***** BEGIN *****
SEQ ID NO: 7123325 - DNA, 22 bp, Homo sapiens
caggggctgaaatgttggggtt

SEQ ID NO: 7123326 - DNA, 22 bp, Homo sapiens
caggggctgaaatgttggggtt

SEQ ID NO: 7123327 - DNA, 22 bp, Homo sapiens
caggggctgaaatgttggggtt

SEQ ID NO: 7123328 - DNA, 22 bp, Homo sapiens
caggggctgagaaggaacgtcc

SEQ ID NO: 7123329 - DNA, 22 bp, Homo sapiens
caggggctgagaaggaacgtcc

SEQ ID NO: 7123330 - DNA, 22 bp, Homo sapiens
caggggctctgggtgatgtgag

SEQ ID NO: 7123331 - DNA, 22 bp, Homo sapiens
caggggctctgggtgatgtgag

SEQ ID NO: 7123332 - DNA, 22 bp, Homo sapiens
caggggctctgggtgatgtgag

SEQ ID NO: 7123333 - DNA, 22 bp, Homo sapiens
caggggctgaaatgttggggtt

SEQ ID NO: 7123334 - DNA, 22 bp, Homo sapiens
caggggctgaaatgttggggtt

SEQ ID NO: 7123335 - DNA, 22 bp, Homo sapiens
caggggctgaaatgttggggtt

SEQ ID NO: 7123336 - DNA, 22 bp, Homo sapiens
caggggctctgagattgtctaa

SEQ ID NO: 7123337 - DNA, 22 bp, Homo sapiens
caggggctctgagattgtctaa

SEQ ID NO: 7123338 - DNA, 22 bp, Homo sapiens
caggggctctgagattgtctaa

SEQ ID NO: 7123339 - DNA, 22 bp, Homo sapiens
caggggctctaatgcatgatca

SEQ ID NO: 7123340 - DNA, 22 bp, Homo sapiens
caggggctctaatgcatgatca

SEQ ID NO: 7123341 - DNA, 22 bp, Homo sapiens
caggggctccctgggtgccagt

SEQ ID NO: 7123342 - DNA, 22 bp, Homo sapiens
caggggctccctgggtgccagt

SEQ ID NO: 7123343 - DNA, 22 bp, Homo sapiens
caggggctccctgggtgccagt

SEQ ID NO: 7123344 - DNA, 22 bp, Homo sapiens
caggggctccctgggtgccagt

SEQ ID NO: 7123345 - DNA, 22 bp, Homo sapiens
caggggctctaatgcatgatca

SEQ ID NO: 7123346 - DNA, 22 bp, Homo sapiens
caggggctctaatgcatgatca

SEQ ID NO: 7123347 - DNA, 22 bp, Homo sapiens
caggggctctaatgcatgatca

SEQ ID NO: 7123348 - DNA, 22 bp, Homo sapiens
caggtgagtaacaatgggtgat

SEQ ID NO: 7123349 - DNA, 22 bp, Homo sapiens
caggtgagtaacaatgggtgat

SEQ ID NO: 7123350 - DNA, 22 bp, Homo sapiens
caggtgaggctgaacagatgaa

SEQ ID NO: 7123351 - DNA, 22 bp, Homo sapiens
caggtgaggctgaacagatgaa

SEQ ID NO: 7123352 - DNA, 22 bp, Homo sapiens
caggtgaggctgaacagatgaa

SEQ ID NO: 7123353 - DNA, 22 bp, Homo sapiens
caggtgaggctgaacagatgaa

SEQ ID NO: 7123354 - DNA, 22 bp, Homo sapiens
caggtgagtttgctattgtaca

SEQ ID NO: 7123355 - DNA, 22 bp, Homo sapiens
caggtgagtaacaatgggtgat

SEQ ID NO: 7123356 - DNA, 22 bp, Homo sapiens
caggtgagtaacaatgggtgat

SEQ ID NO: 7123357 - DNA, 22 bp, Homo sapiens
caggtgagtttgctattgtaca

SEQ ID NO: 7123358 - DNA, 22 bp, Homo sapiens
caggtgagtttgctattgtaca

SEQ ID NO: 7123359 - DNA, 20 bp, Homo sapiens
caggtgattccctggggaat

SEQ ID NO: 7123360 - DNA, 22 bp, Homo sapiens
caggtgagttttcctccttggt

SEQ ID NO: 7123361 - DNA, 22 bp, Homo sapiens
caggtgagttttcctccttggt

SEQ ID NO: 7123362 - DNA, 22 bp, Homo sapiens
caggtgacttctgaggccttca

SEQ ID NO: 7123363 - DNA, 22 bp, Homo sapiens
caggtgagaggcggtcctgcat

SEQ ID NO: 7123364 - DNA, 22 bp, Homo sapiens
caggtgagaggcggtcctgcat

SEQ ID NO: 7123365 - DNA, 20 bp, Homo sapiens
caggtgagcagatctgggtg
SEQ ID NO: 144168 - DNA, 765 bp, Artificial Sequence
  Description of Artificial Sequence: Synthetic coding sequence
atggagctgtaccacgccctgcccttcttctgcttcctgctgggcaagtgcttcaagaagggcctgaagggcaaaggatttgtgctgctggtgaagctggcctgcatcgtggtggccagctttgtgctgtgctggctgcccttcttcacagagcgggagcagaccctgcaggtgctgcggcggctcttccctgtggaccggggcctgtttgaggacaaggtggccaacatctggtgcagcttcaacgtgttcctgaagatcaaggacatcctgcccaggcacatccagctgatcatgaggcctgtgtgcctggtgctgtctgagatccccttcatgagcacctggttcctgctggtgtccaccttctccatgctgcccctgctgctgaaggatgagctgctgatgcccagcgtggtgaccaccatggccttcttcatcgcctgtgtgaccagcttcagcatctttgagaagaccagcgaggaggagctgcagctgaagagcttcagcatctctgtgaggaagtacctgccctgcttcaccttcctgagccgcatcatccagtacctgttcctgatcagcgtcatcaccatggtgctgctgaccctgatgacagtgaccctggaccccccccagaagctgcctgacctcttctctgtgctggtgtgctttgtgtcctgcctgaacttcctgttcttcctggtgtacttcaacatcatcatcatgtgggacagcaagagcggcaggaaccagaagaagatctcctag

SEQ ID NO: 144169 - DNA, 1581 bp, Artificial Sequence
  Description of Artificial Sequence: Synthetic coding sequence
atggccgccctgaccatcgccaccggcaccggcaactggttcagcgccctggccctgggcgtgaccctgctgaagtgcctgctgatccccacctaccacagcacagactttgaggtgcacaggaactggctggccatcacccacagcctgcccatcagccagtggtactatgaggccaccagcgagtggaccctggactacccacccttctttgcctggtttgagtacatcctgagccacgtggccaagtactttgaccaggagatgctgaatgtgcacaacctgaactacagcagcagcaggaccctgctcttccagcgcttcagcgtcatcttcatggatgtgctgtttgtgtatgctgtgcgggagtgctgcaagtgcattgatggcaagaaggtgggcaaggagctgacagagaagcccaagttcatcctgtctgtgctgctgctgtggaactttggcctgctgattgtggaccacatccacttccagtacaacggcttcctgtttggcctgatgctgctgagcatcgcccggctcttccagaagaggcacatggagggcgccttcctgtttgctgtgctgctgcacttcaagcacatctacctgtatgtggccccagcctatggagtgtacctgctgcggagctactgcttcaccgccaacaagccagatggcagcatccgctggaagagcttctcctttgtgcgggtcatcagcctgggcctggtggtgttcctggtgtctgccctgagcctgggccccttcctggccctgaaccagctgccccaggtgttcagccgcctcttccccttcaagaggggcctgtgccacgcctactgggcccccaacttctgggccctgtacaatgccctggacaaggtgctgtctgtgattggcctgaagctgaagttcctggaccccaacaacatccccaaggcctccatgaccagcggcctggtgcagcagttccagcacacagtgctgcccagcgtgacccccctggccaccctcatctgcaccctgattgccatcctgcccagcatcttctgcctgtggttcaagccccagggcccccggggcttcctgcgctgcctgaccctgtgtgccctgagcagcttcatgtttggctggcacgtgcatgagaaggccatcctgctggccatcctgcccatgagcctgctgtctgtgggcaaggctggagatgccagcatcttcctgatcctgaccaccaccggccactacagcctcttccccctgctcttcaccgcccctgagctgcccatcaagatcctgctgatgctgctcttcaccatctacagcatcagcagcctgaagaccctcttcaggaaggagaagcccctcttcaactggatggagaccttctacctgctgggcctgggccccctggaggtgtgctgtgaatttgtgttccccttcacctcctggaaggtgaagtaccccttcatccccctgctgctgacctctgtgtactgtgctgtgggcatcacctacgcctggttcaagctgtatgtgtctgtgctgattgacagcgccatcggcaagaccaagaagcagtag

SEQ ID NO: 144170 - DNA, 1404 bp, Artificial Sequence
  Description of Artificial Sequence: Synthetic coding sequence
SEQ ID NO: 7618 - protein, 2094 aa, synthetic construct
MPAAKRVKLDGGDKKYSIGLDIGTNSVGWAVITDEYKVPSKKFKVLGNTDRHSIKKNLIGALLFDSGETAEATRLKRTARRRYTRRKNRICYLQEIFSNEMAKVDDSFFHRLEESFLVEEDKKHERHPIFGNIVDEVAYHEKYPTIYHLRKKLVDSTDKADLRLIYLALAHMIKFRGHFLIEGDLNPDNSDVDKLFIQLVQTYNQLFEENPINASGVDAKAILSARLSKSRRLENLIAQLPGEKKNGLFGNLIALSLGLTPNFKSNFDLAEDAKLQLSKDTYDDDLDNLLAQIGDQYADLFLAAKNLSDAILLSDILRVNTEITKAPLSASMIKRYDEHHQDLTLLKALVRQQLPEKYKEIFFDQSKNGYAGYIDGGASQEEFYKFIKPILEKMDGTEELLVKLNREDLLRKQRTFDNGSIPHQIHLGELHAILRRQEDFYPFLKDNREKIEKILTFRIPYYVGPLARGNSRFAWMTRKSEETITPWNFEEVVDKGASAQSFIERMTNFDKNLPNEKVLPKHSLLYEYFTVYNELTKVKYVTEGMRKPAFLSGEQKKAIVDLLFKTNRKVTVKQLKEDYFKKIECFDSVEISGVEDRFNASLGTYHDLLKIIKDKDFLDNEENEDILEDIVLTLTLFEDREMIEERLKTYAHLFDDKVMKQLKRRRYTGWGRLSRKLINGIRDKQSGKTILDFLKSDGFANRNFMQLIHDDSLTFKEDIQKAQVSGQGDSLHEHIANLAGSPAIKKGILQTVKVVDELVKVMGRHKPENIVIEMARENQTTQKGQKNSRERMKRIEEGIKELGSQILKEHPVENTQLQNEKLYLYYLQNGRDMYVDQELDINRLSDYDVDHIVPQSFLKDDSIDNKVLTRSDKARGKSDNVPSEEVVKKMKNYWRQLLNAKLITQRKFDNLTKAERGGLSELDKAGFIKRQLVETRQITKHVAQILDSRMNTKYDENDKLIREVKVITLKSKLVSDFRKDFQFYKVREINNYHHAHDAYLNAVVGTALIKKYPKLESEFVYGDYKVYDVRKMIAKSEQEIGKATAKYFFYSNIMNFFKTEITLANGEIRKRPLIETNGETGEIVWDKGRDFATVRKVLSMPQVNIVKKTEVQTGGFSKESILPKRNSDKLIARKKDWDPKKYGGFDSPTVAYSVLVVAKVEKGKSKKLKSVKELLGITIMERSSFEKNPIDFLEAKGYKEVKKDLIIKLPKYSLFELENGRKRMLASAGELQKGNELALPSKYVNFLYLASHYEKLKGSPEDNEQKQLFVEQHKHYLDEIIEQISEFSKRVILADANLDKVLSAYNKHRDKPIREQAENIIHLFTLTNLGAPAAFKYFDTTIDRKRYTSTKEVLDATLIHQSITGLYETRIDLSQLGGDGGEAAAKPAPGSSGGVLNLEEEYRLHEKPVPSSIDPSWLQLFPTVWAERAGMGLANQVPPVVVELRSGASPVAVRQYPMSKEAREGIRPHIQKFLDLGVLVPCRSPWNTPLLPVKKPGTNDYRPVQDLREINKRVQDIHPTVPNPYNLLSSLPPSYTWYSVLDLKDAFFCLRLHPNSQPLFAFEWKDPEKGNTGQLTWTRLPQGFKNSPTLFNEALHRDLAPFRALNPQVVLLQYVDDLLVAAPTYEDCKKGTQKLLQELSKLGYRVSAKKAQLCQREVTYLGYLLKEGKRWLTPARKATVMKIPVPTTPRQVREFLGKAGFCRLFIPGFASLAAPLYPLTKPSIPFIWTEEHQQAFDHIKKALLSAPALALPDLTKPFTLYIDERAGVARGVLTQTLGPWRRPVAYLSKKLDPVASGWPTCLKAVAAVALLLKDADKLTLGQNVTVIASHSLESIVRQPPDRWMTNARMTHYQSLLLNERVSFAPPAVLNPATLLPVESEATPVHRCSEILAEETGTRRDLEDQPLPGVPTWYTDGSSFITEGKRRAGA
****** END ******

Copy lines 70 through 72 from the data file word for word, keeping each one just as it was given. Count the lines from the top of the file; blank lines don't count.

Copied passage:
caggtgattccctggggaat

SEQ ID NO: 7123360 - DNA, 22 bp, Homo sapiens
caggtgagttttcctccttggt